April 27, 2012 / 2:40 AM / in 7 years

Euro dips, German debt rises after Spain downgrade

LONDON (Reuters) - The euro dipped and investors sought safety in German government bonds on Friday as a two-notch downgrade of Spain’s credit rating ahead of a key Italian bond auction increased nervousness about the struggling economies in the euro zone.

Men walk past an electronic board displaying market indices from around the world outside a brokerage in Tokyo April 13, 2012. REUTERS/Toru Hanai

European shares stabilized at 1,040.70 points after three straight days of gains following the move by Standard & Poor’s - it cut Spain to BBB plus - and fresh data showing Spain’s jobless rate rising.

The rating downgrade took the gloss off markets supported this week by the U.S. Federal Reserve’s commitment to support growth, and shifted the focus back to the euro zone.

“This downgrade shows that governments in Europe are still struggling to get their budgets in balance. We are probably going to see more downgrades from other rating agencies,” Philippe Gijsels, head of research at BNP Paribas Fortis Global Markets in Brussels, said.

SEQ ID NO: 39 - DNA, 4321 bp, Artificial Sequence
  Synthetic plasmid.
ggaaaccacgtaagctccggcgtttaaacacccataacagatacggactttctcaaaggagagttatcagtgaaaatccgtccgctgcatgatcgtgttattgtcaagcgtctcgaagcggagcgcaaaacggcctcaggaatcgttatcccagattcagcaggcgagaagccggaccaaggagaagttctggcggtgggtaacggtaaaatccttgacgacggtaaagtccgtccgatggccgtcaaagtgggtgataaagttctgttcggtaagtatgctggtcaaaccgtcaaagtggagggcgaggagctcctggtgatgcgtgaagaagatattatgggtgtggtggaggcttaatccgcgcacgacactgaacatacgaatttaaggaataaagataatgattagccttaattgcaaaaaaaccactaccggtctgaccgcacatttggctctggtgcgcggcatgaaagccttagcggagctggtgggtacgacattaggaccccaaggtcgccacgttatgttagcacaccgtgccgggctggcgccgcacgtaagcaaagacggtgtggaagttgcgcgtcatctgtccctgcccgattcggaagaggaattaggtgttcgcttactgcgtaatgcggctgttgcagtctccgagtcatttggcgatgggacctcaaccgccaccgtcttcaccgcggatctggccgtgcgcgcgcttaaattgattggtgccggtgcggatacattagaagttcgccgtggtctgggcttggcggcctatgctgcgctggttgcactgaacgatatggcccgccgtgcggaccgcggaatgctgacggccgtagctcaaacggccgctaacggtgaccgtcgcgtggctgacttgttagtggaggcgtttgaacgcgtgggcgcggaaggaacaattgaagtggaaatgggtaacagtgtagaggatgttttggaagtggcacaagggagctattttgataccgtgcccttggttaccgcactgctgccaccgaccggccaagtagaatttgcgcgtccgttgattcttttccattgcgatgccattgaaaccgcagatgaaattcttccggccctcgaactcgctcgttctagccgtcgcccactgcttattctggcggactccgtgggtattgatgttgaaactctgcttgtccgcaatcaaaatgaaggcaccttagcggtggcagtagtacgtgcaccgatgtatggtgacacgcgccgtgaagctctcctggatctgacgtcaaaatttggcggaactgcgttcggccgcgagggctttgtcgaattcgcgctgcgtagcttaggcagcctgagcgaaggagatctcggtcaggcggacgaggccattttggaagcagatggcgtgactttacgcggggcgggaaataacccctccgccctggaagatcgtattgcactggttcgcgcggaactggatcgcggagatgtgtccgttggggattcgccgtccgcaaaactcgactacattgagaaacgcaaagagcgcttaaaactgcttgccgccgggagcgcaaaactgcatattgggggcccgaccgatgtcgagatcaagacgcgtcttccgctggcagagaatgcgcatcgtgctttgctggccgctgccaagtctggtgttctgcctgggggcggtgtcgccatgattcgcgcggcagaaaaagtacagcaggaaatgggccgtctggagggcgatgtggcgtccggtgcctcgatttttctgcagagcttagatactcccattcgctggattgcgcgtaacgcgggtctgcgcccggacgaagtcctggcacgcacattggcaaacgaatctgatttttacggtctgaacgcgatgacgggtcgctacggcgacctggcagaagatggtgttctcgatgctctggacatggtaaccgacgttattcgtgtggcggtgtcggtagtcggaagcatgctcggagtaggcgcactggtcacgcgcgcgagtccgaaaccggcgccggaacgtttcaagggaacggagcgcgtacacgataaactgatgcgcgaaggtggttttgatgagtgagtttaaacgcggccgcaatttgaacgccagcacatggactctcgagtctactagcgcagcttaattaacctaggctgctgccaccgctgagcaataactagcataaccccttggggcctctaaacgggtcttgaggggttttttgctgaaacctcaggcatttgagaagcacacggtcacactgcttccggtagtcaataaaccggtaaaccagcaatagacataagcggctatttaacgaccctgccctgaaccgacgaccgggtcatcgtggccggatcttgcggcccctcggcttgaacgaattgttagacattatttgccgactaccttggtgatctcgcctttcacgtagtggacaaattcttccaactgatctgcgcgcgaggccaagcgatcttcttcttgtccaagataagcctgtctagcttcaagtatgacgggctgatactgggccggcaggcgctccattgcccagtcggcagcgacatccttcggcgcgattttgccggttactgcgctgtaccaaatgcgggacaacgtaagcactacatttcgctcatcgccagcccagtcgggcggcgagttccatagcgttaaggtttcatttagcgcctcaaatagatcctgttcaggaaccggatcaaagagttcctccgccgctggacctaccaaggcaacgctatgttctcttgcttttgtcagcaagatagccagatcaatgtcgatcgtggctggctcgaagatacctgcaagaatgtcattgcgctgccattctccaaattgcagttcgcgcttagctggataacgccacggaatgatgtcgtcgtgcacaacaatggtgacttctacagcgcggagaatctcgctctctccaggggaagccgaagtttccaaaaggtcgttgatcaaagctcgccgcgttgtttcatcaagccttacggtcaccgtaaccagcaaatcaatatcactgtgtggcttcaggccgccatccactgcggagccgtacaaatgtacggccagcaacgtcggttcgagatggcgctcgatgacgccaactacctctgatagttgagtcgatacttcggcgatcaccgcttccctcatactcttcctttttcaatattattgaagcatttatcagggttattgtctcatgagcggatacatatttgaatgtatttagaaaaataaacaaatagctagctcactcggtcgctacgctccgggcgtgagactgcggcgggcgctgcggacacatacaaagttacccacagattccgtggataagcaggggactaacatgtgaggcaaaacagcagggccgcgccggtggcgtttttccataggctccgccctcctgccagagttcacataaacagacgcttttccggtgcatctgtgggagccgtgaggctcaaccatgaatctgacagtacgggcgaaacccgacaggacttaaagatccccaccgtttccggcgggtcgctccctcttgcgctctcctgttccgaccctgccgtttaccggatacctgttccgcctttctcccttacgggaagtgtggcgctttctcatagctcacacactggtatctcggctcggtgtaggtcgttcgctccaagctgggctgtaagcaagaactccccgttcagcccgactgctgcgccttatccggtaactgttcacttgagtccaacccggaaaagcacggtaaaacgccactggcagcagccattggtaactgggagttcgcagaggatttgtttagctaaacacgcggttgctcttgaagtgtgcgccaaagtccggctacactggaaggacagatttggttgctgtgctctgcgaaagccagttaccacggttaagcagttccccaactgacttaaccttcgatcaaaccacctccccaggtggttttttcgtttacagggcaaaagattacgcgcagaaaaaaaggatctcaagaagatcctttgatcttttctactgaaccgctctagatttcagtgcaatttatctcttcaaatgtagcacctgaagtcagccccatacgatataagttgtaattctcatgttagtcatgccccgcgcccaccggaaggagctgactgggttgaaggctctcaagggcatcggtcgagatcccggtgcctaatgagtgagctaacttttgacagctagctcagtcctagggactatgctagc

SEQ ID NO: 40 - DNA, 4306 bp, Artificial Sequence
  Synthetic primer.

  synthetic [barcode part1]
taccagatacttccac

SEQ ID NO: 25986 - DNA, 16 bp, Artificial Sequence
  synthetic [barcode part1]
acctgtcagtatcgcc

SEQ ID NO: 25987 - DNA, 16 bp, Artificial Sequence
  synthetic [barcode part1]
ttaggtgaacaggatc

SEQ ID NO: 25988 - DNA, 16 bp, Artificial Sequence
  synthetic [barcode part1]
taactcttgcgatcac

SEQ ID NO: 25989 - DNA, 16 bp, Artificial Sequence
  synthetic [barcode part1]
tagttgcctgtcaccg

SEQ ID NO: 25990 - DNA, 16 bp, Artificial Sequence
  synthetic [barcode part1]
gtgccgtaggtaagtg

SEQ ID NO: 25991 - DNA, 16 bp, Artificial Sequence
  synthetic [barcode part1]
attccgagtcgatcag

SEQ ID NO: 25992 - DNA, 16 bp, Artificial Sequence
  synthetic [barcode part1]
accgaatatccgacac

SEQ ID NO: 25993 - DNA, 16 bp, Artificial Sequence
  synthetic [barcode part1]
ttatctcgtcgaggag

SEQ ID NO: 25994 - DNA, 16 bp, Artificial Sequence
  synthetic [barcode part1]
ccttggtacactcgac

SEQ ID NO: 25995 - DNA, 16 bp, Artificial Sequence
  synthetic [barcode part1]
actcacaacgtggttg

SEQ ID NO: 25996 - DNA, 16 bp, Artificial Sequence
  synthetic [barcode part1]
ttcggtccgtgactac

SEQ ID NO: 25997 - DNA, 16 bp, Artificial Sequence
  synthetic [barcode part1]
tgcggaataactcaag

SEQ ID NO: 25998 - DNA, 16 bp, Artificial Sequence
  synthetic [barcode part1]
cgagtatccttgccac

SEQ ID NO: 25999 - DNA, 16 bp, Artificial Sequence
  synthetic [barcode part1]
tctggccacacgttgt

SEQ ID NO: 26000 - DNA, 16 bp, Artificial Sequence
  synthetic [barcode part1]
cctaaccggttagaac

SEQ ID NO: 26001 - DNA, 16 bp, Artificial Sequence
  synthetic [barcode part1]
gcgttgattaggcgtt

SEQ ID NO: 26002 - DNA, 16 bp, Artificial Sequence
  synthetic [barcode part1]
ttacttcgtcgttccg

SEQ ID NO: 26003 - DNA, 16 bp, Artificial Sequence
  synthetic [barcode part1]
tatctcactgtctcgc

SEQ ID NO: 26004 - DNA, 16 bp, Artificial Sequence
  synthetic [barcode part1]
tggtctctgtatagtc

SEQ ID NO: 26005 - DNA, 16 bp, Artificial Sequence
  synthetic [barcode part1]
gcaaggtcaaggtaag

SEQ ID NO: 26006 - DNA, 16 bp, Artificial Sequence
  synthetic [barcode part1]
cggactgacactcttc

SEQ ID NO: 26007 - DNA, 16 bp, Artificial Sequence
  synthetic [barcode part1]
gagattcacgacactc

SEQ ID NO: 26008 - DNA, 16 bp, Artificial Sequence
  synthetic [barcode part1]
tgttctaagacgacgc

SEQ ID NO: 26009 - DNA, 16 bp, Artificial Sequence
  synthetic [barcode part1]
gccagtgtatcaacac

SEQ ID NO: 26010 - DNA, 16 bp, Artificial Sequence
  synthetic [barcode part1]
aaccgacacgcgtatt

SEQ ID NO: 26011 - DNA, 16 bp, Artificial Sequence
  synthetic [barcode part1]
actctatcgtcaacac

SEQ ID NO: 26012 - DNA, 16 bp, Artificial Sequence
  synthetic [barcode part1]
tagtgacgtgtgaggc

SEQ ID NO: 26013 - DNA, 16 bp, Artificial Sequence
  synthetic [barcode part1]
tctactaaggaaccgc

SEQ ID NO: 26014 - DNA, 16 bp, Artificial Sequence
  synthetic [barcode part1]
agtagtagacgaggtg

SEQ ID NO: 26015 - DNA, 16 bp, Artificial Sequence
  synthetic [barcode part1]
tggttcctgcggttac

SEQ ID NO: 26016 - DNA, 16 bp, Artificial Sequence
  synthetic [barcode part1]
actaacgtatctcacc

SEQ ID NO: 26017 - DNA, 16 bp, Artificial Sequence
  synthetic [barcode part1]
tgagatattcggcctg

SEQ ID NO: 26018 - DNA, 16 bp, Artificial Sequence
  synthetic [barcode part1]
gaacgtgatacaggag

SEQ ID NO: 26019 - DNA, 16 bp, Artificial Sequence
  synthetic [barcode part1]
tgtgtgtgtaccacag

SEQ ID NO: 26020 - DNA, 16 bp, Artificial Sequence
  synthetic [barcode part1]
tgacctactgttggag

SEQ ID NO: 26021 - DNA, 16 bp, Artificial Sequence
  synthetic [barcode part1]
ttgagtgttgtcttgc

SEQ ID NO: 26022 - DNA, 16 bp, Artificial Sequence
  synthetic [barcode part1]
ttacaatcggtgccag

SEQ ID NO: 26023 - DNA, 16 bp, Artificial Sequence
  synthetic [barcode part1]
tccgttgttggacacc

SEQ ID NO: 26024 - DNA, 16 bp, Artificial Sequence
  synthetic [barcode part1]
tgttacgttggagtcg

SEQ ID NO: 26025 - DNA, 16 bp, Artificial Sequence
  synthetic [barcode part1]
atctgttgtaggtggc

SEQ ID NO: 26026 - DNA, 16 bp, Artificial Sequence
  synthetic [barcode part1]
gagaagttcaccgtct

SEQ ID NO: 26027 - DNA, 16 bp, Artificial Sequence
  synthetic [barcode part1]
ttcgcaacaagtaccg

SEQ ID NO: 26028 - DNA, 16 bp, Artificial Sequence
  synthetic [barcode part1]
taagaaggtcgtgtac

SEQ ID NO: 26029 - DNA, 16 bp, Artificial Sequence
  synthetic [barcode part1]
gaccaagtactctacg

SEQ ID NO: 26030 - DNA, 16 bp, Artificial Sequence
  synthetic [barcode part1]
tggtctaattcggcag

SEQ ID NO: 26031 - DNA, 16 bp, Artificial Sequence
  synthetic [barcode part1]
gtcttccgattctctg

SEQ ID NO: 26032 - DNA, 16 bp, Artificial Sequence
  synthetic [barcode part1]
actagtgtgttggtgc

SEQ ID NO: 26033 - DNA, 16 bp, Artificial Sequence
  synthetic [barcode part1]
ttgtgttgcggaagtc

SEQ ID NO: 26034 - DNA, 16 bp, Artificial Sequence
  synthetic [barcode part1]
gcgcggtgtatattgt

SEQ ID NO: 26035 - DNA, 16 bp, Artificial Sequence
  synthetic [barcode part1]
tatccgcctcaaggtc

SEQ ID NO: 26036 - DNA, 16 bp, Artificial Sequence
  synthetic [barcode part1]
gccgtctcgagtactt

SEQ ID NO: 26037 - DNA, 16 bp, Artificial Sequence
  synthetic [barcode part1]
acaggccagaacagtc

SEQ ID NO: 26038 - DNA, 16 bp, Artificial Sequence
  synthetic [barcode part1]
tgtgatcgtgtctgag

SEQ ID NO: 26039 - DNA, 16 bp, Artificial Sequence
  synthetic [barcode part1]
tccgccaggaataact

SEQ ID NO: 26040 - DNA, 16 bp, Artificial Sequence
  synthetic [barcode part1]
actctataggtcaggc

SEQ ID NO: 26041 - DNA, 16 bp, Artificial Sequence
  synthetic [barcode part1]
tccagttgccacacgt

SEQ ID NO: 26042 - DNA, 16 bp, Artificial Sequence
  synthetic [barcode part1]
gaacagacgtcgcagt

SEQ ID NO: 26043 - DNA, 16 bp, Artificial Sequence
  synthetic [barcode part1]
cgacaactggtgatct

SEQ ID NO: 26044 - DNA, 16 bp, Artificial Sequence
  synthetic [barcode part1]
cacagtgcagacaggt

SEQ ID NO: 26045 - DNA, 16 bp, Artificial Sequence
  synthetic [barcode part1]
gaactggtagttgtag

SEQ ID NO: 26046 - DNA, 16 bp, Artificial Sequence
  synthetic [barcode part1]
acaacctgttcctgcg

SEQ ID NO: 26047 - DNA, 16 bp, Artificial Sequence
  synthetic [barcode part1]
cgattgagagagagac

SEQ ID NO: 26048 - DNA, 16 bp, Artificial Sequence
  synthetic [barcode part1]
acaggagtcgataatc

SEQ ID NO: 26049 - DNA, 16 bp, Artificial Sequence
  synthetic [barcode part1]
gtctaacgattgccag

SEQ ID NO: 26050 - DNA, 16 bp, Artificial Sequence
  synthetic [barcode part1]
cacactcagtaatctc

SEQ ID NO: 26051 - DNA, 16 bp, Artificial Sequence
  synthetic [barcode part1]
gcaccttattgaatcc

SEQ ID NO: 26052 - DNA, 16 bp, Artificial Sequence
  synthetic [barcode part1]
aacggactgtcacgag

The front month German bond futures contract hit a record high before trimming gains to 141.10, up 18 basis points on the day. Ten-year German bond yields fell two basis points to about 1.66 percent.

The riskier sovereign debt of Spain and Italy moved in the opposite direction, with 10-year Italian bond yields up 9 basis points to 5.73 percent.

Spain’s equivalent debt rose 11 basis points to 5.96 percent, after briefly piercing the psychologically key 6.0 percent threshold.

Italy’s borrowing costs are also expected to rise further towards 6.0 percent when the government auctions up to 6.25 billion euros in fixed-rate paper later in the day.

The euro was down 0.1 percent below $1.3190, though it reversed some of its earlier losses. It had climbed to a three-week peak near $1.3264 on Thursday on expectations of continued low interest rates following the Federal Reserve’s policy meeting this week.

The dollar measured against a basket of key currencies inched up 0.24 percent.

The Bank of Japan’s widely expected decision to increase bond buying by 10 trillion yen ($124 billion) caused only temporary losses in the yen, which quickly strengthened around 0.4 percent against the dollar.

The Spanish downgrade kept oil subdued below $120 a barrel, and the MSCI world stock index dipped 0.2 percent after hitting three-week highs in Thursday’s session. ($1 = 80.7900 Japanese yen)

Writing by Carolyn Cohn and Richard Hubbard; Additional reporting by Atul Prakash; editing by Janet McBride

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